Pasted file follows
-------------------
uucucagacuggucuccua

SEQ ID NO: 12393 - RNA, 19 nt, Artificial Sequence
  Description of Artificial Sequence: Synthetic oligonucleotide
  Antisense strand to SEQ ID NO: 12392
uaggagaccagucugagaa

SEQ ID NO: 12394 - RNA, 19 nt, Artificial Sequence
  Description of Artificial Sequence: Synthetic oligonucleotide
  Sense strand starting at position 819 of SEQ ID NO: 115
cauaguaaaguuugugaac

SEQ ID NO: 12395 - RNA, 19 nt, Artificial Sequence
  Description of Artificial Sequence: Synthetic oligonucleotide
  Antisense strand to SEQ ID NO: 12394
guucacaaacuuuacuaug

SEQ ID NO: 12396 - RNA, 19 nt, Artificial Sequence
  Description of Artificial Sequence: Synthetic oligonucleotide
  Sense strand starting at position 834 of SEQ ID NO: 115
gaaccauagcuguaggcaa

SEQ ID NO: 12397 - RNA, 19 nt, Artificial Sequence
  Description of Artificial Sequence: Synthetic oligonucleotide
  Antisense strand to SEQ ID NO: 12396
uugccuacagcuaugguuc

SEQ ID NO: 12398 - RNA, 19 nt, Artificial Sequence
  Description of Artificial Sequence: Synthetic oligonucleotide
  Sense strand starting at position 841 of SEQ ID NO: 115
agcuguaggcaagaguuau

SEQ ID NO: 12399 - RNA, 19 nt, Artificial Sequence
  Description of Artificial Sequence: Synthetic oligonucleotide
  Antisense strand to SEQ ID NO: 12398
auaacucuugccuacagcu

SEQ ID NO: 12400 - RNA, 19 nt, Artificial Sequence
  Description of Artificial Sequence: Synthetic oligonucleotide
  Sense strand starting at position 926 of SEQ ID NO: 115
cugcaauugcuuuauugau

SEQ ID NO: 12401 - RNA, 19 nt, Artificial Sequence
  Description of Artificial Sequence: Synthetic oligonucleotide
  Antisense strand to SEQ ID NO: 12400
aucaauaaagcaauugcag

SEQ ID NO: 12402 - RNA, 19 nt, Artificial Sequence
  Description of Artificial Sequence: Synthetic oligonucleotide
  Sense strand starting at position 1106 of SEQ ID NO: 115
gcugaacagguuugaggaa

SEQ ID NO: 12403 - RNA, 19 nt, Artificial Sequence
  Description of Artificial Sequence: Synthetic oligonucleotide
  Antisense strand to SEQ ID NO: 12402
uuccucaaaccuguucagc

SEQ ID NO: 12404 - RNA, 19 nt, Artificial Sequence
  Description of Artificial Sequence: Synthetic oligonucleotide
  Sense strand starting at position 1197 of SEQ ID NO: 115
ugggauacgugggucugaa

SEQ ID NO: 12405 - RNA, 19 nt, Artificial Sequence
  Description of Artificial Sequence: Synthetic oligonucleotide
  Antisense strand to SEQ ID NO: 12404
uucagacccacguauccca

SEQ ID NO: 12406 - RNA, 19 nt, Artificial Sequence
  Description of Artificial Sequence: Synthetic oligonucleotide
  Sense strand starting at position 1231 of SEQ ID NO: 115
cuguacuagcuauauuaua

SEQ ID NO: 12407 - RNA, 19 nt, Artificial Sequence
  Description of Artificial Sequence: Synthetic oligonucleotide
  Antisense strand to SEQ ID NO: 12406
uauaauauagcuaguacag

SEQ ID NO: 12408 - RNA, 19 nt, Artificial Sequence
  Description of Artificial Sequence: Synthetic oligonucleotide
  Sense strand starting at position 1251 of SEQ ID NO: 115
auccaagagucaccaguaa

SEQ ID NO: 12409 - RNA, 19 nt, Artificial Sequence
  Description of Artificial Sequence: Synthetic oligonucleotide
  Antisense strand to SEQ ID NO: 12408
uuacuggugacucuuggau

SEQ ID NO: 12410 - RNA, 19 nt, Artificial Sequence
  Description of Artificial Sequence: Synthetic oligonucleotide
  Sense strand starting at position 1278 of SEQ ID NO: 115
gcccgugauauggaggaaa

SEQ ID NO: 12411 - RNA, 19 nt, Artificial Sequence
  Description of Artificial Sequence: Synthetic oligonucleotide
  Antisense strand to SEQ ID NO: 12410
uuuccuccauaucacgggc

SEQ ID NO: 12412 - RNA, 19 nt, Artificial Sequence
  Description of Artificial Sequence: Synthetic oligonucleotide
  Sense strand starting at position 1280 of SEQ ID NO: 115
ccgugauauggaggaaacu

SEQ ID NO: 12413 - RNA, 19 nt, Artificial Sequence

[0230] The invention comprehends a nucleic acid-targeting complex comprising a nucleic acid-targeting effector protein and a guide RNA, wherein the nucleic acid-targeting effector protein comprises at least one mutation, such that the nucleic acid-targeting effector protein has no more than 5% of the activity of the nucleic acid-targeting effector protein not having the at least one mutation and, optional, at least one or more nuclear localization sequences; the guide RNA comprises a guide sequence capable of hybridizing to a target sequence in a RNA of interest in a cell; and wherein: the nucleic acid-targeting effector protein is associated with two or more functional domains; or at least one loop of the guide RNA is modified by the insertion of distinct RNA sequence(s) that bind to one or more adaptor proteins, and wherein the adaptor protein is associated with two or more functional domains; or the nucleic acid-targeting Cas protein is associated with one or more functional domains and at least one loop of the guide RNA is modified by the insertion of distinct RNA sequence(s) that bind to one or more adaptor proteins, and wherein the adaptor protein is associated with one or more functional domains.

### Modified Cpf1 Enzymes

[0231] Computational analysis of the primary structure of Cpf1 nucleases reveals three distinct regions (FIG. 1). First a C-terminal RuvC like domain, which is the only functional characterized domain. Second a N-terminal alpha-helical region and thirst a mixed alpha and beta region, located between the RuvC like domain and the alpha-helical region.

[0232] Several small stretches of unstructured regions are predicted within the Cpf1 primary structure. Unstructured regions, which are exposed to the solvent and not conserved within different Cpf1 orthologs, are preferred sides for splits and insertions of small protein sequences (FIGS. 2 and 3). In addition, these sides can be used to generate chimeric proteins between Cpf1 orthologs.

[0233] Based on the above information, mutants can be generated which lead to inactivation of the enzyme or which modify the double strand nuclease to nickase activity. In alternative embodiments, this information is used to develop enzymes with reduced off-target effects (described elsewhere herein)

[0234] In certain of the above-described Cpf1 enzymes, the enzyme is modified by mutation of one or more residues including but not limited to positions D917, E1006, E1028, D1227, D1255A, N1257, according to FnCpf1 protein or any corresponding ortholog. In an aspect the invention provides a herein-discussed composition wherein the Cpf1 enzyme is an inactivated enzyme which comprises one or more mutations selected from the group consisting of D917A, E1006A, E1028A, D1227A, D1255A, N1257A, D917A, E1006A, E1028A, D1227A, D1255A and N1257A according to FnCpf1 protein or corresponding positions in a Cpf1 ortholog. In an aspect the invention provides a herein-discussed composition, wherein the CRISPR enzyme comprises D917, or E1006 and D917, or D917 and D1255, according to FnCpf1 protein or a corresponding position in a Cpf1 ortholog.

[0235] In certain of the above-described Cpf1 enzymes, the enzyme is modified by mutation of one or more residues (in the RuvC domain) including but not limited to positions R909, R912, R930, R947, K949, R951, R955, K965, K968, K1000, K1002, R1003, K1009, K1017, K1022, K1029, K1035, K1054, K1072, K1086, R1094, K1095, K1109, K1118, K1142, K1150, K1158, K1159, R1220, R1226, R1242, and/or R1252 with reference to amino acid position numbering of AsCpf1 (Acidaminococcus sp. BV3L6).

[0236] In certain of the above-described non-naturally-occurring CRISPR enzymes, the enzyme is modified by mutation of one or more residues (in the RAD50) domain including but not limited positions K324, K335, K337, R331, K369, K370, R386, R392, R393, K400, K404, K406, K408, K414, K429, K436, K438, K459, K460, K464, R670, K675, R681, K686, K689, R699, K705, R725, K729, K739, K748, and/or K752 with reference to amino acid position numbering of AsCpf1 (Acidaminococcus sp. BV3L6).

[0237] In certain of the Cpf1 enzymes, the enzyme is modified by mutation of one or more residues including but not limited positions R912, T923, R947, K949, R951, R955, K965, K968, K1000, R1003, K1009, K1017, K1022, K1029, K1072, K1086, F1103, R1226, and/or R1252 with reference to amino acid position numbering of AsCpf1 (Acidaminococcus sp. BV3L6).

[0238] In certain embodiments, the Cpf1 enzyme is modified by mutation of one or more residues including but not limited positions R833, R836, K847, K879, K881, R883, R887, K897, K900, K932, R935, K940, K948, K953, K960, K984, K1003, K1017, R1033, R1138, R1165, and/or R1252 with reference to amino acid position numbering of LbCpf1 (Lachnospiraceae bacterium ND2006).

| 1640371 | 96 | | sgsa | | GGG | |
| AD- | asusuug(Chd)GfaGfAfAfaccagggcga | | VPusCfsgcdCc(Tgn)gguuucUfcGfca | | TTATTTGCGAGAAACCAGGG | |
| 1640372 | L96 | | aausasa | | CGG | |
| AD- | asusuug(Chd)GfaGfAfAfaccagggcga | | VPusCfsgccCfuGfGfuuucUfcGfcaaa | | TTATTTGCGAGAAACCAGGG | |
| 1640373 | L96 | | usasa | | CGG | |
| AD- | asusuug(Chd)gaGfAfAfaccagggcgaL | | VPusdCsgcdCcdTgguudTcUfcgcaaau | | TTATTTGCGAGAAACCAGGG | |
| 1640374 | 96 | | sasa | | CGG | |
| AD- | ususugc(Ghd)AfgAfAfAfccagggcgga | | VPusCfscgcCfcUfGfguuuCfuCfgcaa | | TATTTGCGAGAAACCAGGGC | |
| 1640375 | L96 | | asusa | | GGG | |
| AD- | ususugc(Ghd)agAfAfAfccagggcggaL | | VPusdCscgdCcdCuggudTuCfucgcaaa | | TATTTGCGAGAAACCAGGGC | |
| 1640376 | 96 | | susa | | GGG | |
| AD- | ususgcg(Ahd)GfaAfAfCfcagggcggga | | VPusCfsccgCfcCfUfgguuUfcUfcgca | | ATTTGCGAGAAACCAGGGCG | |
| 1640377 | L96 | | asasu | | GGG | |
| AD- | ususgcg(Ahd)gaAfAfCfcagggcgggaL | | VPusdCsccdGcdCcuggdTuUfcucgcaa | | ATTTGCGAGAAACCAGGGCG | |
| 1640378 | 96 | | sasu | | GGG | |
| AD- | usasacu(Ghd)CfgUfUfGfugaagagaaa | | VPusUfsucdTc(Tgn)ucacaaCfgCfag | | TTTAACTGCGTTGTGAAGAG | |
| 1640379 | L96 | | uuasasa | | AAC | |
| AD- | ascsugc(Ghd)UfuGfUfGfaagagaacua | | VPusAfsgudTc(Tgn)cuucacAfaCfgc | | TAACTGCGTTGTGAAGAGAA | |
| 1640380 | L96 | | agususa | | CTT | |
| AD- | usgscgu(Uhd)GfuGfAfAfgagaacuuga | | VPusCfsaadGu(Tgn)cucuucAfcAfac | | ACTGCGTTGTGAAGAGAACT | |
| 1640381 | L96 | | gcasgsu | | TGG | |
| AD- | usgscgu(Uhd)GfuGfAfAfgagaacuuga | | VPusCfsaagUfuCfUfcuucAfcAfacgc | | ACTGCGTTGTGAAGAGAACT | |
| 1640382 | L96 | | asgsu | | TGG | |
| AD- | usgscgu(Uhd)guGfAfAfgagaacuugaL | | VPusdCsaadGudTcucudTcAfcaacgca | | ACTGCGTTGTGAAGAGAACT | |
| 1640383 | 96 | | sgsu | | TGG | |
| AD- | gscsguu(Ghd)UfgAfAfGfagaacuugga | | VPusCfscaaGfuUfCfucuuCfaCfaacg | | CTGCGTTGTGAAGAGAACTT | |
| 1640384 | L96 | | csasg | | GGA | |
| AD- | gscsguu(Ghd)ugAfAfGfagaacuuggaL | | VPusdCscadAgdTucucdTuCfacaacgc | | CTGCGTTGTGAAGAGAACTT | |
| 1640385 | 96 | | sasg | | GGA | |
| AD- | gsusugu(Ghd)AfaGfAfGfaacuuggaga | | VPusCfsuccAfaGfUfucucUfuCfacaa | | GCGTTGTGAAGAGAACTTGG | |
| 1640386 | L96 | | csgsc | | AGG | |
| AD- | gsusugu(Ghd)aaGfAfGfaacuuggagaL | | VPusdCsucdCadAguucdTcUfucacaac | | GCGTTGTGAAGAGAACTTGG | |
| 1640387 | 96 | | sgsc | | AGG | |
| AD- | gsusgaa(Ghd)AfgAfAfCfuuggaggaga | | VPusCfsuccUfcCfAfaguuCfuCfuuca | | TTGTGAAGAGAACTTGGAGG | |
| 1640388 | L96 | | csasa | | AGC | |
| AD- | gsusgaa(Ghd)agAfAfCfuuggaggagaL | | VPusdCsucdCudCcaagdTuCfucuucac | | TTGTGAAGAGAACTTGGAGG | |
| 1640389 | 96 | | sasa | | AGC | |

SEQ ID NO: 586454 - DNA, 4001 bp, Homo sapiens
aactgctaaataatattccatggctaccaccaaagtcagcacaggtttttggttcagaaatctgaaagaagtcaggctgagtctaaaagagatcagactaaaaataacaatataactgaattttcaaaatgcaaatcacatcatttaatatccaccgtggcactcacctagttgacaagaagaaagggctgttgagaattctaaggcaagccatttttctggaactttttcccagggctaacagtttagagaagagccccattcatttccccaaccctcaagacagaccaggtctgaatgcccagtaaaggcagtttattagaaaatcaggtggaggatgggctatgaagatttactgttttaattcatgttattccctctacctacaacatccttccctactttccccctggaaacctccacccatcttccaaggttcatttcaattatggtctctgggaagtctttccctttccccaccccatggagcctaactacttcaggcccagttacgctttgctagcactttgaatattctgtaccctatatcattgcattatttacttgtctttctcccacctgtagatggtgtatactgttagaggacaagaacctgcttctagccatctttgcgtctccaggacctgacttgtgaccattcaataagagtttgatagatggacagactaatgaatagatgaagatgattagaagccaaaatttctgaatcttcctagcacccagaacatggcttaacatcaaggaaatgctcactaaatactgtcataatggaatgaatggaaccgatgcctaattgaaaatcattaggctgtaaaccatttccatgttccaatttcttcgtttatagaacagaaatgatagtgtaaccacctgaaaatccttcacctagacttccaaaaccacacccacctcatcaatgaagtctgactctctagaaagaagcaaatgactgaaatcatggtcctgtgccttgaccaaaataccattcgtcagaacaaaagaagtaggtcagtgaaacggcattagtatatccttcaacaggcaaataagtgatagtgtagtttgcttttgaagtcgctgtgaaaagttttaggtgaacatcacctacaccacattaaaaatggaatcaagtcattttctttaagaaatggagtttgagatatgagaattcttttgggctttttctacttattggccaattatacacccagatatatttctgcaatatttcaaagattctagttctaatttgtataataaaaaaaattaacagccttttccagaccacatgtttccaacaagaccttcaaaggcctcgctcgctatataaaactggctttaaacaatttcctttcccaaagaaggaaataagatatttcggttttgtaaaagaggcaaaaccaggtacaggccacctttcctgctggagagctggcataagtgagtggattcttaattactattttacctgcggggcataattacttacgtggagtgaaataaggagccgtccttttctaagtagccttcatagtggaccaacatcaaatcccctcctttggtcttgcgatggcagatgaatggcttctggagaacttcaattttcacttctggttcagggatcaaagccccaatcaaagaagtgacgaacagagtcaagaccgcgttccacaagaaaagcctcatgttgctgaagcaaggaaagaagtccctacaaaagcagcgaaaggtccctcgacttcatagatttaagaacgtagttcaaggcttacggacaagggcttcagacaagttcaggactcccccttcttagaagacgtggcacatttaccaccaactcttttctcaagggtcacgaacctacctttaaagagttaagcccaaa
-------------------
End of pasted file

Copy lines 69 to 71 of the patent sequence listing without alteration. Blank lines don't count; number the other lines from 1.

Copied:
uuacuggugacucuuggau

SEQ ID NO: 12410 - RNA, 19 nt, Artificial Sequence
  Description of Artificial Sequence: Synthetic oligonucleotide